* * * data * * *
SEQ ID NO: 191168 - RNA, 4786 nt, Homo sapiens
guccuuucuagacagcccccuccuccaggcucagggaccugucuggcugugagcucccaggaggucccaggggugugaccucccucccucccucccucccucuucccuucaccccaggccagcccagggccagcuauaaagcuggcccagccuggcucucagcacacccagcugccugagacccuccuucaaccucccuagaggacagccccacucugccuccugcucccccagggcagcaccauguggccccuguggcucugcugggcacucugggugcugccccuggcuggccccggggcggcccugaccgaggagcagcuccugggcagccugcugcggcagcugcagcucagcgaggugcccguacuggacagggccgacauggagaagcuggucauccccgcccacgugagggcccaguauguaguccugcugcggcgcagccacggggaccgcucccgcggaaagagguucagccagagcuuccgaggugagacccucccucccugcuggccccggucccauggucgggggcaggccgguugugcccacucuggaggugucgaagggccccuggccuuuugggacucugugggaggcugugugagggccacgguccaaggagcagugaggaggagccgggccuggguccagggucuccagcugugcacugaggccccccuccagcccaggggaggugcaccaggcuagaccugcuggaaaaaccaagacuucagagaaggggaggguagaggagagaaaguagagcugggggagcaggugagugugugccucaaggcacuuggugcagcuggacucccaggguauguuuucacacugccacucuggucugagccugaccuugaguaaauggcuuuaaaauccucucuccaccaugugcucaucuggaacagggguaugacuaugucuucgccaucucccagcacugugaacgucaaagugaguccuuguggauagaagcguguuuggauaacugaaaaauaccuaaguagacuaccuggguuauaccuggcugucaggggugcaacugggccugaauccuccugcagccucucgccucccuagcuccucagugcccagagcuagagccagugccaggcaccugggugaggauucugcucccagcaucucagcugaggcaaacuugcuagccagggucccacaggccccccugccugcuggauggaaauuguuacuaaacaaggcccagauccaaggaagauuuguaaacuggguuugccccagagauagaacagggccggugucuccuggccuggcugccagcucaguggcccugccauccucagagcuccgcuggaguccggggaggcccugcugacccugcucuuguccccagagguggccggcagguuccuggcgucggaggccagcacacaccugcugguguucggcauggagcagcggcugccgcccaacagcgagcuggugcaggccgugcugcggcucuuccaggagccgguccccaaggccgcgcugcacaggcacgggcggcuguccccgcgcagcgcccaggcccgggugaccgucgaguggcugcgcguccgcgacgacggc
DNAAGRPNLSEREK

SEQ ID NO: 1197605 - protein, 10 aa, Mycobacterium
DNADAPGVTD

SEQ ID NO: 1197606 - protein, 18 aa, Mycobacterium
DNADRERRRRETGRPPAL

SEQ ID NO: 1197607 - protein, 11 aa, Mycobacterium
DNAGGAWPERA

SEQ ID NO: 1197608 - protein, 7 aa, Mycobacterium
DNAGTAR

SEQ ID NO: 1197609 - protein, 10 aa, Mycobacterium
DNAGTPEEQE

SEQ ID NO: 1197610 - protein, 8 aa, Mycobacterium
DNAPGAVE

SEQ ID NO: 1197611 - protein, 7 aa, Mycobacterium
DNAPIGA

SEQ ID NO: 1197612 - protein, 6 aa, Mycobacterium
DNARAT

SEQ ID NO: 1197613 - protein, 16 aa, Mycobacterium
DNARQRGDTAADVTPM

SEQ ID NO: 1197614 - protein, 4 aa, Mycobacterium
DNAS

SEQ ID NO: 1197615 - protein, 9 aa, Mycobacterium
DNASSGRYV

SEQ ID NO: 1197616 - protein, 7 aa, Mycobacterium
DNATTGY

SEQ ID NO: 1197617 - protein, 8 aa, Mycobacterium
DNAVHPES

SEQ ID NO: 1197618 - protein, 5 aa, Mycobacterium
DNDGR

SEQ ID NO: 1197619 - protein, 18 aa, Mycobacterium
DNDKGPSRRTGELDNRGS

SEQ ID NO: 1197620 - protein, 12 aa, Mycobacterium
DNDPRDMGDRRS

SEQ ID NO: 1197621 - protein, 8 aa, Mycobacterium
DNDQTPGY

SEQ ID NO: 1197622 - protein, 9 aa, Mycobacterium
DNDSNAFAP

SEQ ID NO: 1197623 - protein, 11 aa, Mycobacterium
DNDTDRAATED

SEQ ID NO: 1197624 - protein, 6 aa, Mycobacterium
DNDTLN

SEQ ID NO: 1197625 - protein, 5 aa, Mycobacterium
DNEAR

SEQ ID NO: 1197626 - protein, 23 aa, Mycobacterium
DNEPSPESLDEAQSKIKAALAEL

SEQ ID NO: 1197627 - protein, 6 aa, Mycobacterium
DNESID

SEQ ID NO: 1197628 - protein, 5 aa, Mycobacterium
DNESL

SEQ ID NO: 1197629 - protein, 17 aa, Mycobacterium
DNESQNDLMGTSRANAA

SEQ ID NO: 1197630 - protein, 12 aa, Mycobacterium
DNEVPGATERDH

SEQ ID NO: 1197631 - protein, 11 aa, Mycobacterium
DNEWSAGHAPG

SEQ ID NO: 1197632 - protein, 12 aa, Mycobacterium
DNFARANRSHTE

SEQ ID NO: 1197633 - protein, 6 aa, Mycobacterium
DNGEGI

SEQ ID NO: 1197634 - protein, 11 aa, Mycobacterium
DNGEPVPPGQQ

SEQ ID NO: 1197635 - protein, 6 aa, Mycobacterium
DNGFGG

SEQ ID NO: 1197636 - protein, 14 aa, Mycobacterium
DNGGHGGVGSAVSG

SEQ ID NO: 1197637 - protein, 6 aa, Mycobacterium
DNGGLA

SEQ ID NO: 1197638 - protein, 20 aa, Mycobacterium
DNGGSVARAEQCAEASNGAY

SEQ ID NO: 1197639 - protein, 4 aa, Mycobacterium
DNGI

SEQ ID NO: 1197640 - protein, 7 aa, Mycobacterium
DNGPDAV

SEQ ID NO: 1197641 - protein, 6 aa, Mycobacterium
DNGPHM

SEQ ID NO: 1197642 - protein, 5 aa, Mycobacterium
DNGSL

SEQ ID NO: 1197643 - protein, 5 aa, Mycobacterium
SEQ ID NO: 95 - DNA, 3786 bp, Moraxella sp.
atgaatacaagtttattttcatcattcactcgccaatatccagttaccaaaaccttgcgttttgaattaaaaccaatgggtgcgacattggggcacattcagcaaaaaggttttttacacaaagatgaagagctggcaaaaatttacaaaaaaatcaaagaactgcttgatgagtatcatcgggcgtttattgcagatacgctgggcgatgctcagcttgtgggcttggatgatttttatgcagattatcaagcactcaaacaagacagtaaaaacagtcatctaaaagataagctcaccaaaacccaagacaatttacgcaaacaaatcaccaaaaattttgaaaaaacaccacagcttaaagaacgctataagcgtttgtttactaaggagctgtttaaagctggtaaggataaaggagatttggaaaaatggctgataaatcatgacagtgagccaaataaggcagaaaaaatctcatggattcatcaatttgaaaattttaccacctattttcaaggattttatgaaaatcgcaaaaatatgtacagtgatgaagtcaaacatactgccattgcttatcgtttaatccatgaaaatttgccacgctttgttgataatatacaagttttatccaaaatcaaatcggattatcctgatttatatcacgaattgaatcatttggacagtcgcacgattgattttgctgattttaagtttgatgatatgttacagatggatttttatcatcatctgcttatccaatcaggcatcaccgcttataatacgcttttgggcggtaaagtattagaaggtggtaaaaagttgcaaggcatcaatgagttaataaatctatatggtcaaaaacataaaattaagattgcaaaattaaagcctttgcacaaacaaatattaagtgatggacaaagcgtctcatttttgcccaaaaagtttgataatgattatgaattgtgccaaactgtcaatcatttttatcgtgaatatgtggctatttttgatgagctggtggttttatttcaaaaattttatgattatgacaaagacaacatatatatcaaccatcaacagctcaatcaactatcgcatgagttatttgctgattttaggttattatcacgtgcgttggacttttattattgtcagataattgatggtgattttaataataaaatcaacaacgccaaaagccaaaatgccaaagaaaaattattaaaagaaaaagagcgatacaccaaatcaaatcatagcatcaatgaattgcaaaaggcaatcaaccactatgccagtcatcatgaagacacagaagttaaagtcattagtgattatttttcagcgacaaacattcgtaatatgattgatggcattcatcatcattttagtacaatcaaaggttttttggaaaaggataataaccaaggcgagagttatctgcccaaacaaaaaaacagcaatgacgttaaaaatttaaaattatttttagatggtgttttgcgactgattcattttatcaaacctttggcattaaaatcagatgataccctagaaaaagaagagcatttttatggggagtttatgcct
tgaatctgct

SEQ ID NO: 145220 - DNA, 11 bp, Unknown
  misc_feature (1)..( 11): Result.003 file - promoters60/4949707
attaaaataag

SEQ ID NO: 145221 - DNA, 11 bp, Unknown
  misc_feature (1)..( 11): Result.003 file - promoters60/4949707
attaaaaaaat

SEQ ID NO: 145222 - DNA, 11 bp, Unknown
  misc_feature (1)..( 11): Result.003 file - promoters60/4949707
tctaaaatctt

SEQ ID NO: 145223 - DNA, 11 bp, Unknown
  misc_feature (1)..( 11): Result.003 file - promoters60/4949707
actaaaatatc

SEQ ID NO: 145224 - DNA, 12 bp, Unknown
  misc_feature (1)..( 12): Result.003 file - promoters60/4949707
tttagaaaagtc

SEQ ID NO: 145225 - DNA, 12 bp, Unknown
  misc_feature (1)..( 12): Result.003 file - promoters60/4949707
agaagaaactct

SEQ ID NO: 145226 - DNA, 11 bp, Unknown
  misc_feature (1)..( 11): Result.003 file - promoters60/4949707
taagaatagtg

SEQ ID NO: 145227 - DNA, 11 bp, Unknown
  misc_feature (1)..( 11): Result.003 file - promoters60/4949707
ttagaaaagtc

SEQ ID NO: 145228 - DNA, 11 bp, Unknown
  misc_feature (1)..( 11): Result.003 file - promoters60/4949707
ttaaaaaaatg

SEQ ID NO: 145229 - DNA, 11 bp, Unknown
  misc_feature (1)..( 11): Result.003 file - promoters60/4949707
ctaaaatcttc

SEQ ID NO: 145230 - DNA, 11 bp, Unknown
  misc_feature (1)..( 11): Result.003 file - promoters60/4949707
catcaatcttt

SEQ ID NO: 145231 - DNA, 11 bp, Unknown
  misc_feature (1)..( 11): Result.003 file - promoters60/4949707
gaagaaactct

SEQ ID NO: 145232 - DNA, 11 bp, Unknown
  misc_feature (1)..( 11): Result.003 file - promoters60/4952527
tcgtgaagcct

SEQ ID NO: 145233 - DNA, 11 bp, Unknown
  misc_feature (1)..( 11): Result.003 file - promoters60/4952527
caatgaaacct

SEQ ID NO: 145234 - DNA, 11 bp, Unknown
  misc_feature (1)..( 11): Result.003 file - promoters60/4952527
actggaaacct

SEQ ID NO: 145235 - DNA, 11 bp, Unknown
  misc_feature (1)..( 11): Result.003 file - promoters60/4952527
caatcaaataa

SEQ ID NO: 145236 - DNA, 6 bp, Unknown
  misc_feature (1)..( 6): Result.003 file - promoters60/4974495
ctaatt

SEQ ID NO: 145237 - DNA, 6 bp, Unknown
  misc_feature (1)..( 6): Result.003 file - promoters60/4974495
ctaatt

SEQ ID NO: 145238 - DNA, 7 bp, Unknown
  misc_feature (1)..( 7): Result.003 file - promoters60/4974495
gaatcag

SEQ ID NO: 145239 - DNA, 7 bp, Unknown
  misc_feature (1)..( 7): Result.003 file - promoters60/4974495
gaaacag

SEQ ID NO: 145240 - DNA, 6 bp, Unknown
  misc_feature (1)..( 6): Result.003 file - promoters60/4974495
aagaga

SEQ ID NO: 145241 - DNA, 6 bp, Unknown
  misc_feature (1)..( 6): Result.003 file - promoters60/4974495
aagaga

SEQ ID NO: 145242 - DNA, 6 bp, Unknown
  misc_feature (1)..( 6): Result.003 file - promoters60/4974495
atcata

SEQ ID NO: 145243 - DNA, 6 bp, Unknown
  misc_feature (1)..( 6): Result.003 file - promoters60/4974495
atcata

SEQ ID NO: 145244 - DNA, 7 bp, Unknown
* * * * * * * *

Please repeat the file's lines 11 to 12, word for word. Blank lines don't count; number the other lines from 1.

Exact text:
DNAGTAR

SEQ ID NO: 1197609 - protein, 10 aa, Mycobacterium